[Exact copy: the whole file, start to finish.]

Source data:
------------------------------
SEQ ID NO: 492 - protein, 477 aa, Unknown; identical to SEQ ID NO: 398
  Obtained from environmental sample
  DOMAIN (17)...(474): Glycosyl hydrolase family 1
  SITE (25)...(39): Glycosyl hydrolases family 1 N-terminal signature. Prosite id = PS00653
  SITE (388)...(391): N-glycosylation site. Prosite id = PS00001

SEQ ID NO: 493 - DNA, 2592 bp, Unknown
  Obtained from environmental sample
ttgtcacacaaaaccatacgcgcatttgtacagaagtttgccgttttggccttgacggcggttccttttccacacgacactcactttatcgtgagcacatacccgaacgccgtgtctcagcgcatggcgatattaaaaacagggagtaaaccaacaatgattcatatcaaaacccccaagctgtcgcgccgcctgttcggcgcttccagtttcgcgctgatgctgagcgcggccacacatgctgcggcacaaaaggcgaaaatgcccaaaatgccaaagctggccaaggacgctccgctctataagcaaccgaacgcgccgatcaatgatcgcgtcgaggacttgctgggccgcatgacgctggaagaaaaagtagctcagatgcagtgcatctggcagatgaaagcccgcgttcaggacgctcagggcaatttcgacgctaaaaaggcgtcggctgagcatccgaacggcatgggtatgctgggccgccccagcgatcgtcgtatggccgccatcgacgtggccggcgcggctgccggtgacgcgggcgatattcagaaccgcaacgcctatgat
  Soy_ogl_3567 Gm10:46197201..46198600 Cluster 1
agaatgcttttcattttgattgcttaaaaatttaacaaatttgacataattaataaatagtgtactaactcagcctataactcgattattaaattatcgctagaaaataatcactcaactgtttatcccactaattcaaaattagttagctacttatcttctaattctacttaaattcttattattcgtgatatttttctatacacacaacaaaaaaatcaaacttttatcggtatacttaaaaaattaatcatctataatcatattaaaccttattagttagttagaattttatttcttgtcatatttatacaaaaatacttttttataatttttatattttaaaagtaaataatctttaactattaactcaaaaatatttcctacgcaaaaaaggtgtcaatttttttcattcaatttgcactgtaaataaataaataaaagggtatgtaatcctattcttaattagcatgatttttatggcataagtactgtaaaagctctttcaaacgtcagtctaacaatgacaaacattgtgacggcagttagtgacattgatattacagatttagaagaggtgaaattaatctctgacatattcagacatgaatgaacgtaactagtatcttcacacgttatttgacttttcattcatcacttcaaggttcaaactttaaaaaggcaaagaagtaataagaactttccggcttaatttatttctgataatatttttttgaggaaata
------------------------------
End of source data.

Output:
SEQ ID NO: 492 - protein, 477 aa, Unknown; identical to SEQ ID NO: 398
  Obtained from environmental sample
  DOMAIN (17)...(474): Glycosyl hydrolase family 1
  SITE (25)...(39): Glycosyl hydrolases family 1 N-terminal signature. Prosite id = PS00653
  SITE (388)...(391): N-glycosylation site. Prosite id = PS00001

SEQ ID NO: 493 - DNA, 2592 bp, Unknown
  Obtained from environmental sample
ttgtcacacaaaaccatacgcgcatttgtacagaagtttgccgttttggccttgacggcggttccttttccacacgacactcactttatcgtgagcacatacccgaacgccgtgtctcagcgcatggcgatattaaaaacagggagtaaaccaacaatgattcatatcaaaacccccaagctgtcgcgccgcctgttcggcgcttccagtttcgcgctgatgctgagcgcggccacacatgctgcggcacaaaaggcgaaaatgcccaaaatgccaaagctggccaaggacgctccgctctataagcaaccgaacgcgccgatcaatgatcgcgtcgaggacttgctgggccgcatgacgctggaagaaaaagtagctcagatgcagtgcatctggcagatgaaagcccgcgttcaggacgctcagggcaatttcgacgctaaaaaggcgtcggctgagcatccgaacggcatgggtatgctgggccgccccagcgatcgtcgtatggccgccatcgacgtggccggcgcggctgccggtgacgcgggcgatattcagaaccgcaacgcctatgat
  Soy_ogl_3567 Gm10:46197201..46198600 Cluster 1
agaatgcttttcattttgattgcttaaaaatttaacaaatttgacataattaataaatagtgtactaactcagcctataactcgattattaaattatcgctagaaaataatcactcaactgtttatcccactaattcaaaattagttagctacttatcttctaattctacttaaattcttattattcgtgatatttttctatacacacaacaaaaaaatcaaacttttatcggtatacttaaaaaattaatcatctataatcatattaaaccttattagttagttagaattttatttcttgtcatatttatacaaaaatacttttttataatttttatattttaaaagtaaataatctttaactattaactcaaaaatatttcctacgcaaaaaaggtgtcaatttttttcattcaatttgcactgtaaataaataaataaaagggtatgtaatcctattcttaattagcatgatttttatggcataagtactgtaaaagctctttcaaacgtcagtctaacaatgacaaacattgtgacggcagttagtgacattgatattacagatttagaagaggtgaaattaatctctgacatattcagacatgaatgaacgtaactagtatcttcacacgttatttgacttttcattcatcacttcaaggttcaaactttaaaaaggcaaagaagtaataagaactttccggcttaatttatttctgataatatttttttgaggaaata